SWISS AF LIFE VESTS 1960 - 1985
From mid 1945 until the early 1960s the life vests in use by the Swiss Air Force were the US "Mae West" B-3 and B-4.
The first specimens taken from U.S. bombers landed and interned in Switzerland, then probably made the subject of orders.
By 1963 the AF was in the midst of the procedures (and problems) that would lead to the purchase of the Mirage III.
With the intent of sourcing a replacement for the outdated B-3/ B-4 also suitable for the new aircraft, a series of tests of the model in use by the Armée de l'Air, the Aerazur (ARZ) 33, was undertaken. The same was evaluated in various cockpits and at a swimming pool in Zurich.
it was also tested on training aircraft such as the Bücker Jungmann/ Jungmeister, Pilatus P.2/ P.3 and AT-16, in use at the Locarno Magadino AB, where takeoff is routinely to and from the nearby lake.
The ARZ 33 was positively rated, consequently the purchase of 150 pieces was proposed to be supplied to the flight school and to the pilots of the future jet.
The first Swiss AF confirmed use of the ARZ 33 is in 1963, when three Hunters flew to Kalmar in Sweden for the recently purchased AIM-9B "Sidewinder" A/A missile operational testing.
In 1966, the the person responsible for the commissioning of the Mirage defined what type of emergency equipment was to be carried in the life vest: Fluorescine/ signal rockets / whistle/ signalling mirror. Unlike the French version, the lamp not required.
in 1967 some Mirages were planned to fly to France to the "centre d'essais des missiles" in Cazaux to carry out test firings with the Aérospatiale AS-30 NORAS air-to-ground missile.
The AS.30 was a short-range missile controlled by the pilot via radio signals; with a small control stick, he directed the missile on the target.
Most of the flights took place over the sea, so four ARZ 33s were procured for the GRD pilots.
For reasons of which we are not aware, a campaign was undertaken between 1970 and 1971 to evaluate different types of life vest.
ARZs 33 and 34, Pirelli LPU-2/P, RFD Type 80 Mk.2, and the US AQUA-MATIC Model 10 were tested on ground onboard various Swiss AF aircrafts, (including simulated "unintentional" cockpit inflations) and in the pool.
Following a proposal made by the AMF (Abteilung für Militärflugplätze), also the possibility of making use of anti-g garments as flotation aids was considered and tested. None of the life vests featured such advantages as to be preferred to the ARZ 33.
Given that during trials its configuration assessed as the most "comfortable" when worn under the belts of ejection seats, it is assumed that, although not the "best", the ARZ 34s procured for testing were used for missions abroad (considering that transfer flights and part of the missions were to be held over the sea), for instance during the live firing campaigns at Vidsel in Sweden, although limited "nachbestellung" cannot be ruled out.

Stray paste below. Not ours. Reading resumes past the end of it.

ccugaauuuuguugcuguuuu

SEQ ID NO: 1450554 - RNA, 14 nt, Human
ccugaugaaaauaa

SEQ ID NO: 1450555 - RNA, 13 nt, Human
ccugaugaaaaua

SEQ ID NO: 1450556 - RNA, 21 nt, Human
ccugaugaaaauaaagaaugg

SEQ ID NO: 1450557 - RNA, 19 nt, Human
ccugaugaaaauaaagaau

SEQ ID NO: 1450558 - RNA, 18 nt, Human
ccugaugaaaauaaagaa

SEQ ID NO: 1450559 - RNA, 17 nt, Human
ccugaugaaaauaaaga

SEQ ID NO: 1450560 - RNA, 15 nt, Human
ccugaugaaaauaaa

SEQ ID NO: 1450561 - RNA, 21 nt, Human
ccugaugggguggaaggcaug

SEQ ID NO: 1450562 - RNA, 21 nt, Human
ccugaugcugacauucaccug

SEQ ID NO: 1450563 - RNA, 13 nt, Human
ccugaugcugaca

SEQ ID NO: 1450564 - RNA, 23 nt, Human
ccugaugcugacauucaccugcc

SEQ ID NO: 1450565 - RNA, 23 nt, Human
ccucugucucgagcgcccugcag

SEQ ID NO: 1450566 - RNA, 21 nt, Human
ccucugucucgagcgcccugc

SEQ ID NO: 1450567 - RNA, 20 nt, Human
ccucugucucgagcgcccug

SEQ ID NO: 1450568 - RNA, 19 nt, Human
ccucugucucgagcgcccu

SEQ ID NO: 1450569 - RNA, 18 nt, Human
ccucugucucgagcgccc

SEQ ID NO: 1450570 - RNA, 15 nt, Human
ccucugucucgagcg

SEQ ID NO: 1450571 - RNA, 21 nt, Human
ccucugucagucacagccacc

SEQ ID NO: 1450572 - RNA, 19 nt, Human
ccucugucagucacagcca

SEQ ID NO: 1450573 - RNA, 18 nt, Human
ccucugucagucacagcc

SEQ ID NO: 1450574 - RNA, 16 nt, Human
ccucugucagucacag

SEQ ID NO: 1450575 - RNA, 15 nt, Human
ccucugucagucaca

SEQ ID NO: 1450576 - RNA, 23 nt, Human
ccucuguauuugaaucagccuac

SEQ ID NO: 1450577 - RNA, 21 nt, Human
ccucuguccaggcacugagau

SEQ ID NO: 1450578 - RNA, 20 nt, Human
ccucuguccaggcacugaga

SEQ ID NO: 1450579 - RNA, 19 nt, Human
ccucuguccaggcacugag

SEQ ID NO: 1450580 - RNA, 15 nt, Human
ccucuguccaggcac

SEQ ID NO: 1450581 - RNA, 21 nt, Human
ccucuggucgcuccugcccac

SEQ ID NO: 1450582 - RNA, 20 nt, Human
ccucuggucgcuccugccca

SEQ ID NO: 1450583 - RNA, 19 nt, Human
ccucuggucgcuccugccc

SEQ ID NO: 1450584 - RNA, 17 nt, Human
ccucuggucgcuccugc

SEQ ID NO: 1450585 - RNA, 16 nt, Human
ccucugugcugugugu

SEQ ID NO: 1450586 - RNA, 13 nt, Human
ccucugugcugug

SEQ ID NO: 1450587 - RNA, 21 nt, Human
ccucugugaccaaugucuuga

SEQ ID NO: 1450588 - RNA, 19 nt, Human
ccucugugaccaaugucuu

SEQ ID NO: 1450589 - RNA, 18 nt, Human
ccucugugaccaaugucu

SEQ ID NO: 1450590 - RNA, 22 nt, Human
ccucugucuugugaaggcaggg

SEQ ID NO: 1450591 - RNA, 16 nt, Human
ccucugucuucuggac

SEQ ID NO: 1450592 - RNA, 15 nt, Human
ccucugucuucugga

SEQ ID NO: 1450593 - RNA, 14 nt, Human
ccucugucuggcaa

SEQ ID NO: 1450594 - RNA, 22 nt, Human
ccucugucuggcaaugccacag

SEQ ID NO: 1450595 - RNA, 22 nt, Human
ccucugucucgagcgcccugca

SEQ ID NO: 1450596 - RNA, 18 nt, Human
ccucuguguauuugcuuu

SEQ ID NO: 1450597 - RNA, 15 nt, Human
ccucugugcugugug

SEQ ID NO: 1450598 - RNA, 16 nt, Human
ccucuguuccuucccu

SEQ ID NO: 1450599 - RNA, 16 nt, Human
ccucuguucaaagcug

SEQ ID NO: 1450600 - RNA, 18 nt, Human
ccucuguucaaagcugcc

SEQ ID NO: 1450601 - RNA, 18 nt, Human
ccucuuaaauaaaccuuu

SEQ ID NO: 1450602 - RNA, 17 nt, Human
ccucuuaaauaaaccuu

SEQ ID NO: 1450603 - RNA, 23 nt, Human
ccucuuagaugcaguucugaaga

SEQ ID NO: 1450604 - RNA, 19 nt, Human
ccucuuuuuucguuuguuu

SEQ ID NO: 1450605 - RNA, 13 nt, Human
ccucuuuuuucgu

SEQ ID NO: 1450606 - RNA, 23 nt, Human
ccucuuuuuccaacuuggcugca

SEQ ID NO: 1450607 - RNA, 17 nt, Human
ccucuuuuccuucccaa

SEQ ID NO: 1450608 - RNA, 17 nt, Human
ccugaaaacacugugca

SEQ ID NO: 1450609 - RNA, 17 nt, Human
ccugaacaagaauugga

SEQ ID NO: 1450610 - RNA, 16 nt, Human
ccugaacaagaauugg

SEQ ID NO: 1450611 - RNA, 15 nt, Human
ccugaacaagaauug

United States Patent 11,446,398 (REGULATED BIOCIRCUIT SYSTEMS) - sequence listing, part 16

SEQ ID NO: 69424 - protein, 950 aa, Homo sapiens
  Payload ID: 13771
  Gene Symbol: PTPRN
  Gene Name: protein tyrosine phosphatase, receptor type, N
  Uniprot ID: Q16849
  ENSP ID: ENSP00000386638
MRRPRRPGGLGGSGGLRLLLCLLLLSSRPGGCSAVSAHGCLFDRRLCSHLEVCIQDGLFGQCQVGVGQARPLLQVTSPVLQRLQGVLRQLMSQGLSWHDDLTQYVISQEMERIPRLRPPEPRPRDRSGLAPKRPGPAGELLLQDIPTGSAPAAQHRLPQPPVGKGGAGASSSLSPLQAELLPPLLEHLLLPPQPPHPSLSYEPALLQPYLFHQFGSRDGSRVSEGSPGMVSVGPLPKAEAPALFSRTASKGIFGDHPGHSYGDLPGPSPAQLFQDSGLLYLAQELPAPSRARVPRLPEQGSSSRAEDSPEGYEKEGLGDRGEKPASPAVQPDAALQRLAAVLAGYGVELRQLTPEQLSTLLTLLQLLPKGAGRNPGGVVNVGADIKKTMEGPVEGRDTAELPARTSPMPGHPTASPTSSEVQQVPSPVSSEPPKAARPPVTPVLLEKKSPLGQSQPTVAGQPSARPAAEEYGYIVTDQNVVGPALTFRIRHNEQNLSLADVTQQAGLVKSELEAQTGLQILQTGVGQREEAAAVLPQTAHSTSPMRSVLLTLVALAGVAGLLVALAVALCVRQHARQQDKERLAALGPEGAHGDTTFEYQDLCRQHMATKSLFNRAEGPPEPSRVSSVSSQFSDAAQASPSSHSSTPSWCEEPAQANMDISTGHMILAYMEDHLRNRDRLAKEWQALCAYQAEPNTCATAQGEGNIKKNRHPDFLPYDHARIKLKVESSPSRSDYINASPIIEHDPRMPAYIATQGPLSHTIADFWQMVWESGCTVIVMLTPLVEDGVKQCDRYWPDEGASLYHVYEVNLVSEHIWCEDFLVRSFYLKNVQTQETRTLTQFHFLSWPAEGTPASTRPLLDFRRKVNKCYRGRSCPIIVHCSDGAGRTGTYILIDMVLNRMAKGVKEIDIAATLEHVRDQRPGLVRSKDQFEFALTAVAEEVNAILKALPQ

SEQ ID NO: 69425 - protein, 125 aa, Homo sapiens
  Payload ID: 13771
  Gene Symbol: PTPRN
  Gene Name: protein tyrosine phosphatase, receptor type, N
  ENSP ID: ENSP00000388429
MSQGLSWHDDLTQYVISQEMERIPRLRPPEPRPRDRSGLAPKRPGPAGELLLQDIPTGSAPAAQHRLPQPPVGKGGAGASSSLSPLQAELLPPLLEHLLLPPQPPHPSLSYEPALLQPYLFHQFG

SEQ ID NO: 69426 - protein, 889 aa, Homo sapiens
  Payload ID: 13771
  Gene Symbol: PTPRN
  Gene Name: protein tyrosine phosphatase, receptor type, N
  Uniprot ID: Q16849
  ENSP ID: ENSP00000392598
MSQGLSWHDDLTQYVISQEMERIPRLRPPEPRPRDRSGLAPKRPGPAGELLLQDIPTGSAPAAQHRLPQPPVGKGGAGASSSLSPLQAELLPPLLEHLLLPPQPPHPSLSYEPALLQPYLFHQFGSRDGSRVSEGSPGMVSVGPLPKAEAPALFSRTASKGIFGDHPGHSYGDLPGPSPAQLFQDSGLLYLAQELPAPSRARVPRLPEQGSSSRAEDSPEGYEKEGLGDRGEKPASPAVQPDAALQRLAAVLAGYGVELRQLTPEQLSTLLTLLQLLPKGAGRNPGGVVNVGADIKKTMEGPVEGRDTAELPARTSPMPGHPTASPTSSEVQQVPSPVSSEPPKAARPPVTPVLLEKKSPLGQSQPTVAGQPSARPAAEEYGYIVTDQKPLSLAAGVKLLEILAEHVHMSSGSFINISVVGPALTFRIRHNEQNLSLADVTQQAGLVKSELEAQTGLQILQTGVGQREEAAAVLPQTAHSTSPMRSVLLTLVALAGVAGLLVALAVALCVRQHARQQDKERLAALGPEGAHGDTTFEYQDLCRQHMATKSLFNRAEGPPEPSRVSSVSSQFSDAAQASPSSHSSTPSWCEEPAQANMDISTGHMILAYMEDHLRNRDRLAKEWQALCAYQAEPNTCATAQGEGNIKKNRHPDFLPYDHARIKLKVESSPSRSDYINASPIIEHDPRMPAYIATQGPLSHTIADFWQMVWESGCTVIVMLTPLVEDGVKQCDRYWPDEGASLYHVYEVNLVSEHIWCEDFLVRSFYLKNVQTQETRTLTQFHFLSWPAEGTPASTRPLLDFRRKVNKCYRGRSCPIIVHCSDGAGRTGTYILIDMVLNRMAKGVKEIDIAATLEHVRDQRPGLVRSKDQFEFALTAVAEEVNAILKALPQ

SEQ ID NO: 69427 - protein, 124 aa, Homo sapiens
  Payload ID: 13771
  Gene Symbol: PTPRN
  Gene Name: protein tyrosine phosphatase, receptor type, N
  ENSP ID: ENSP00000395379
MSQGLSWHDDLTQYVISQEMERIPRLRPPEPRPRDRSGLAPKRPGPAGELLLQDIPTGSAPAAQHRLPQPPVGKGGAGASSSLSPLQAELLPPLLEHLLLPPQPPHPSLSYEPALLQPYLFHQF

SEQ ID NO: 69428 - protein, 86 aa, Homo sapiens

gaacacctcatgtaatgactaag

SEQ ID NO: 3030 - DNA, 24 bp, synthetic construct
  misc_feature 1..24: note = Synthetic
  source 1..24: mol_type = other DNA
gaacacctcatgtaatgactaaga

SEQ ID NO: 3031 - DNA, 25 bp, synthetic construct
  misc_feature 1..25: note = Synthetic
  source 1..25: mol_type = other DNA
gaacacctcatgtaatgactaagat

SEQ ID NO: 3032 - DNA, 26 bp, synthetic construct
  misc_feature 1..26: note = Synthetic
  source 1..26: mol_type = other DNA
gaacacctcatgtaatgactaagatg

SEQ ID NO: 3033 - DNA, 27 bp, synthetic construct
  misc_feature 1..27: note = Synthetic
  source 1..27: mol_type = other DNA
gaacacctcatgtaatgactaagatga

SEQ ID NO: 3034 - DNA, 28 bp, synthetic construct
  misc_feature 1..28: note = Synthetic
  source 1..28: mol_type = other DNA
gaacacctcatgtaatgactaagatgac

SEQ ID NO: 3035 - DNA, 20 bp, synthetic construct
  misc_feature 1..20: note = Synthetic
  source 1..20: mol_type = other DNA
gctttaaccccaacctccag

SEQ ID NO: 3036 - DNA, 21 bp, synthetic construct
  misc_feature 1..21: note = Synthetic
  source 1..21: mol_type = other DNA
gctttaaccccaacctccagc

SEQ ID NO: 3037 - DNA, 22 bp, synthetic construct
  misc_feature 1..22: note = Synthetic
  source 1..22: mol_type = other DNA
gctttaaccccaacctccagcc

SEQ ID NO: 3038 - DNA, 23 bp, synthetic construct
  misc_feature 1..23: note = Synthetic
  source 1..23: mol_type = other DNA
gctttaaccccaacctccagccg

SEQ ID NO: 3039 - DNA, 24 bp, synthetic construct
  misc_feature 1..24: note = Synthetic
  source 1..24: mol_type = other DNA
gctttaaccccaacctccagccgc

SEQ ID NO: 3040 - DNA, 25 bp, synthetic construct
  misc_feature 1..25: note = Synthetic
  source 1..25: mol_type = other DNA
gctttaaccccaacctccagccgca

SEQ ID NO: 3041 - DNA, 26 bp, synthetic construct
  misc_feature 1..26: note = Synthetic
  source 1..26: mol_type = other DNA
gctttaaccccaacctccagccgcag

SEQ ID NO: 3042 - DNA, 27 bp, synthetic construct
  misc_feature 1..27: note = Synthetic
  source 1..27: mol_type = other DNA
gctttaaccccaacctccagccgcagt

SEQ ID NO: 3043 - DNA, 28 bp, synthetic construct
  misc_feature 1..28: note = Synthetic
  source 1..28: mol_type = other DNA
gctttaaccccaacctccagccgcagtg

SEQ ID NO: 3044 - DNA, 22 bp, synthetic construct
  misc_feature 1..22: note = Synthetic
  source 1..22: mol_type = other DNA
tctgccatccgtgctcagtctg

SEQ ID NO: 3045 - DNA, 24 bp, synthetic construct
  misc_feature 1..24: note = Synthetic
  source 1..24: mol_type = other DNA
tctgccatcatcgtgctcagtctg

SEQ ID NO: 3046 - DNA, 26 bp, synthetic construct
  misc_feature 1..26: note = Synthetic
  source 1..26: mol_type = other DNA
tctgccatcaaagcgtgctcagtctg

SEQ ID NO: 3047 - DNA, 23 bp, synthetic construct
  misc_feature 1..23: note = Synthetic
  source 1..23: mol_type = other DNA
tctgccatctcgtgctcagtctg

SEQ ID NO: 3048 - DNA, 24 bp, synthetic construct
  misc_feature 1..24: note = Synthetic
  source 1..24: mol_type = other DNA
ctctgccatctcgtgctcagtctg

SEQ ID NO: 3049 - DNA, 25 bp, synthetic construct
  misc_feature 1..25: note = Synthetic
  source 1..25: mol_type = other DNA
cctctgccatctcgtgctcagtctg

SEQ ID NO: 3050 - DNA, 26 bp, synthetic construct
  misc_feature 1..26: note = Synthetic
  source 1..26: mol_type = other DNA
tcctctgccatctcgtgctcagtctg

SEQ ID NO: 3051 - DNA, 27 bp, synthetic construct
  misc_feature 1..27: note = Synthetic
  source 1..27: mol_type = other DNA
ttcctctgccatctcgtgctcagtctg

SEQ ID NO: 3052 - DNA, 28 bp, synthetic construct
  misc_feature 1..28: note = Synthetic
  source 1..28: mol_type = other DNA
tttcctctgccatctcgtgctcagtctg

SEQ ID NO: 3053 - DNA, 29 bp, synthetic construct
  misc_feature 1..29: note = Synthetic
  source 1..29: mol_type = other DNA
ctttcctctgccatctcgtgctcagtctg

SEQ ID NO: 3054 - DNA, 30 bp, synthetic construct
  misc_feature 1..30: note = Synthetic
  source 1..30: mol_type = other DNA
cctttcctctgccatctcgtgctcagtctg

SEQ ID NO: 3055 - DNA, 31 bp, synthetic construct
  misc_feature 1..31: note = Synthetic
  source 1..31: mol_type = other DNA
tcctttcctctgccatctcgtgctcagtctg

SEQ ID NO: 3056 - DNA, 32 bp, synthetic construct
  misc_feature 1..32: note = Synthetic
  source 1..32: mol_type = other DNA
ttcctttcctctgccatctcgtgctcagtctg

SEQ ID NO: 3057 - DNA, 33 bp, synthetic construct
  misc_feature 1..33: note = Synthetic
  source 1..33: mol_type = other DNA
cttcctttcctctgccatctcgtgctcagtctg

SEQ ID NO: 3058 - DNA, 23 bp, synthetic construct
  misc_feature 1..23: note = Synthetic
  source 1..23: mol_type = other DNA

Indeed on the "Piloten Zuteilinglist" of 1974, probably for formal reasons, the ARZ 34 is listed as a possible alternate to ARZ 33; although we cannot completely rule it out we have never seen photos or documents confirming its "domestic" use.
it is assumed than wearing a life vest onboard was in any case considered uncomfortable by jet crews; in fact the AMF submitted proposal of using "speedjeans" as a means of flotation was implemented.
Anti-g garments were modified by installing on the left thigh of a firing pin and CO2 cylinder of the same model as those fitted on ARZ life vests.
The ditched pilot had to open the leg zippers and then inflate the garment's bladders.
Probably the guidelines regarding flight equipment left room for interpretation: there are photos showing pilots equipped with modified anti-g and ARZ 33; same outfit but returning from a campaign at Vidsel wearing ARZ 34s. (see picture above)
Unfortunately, some tragic accidents that happened above our lakes forced a reassessment of the soundness of the choices made.
Given the possibility of pilot loss of consciousness after an ejection with the risk of drowning if fallen into the water,in 1985 a new evaluation was undertaken to equip pilots of "narrow cockpit" aircraft with automatically activated life vests.
As in the previous evaluation, Secumar 10 HK and SF, Lifeguard LG 1181 and SAAB-Scania FT-8 were tested in cockpits and in the pool.
The SAAB-Scania FT-8 and LG 1181 were judged to be the best, however, the former had a complicated electro-mechanical activation system and was considered expensive.
Eventually, the LG 1181 was deemed to be the best, but the manufacturer required to implement some modifications: the modified life vest put into service under the designation LG 1073.
It is interesting to note that -somewhat like the ARZ 34- although not deemed entirely suitable, but probably because of the ability to carry a wide array of survival equipment, the Secumar 10 HK would be used for overflights to and from the various low-flying and shooting campaigns abroad such as the "SAKAs" in Sardinia.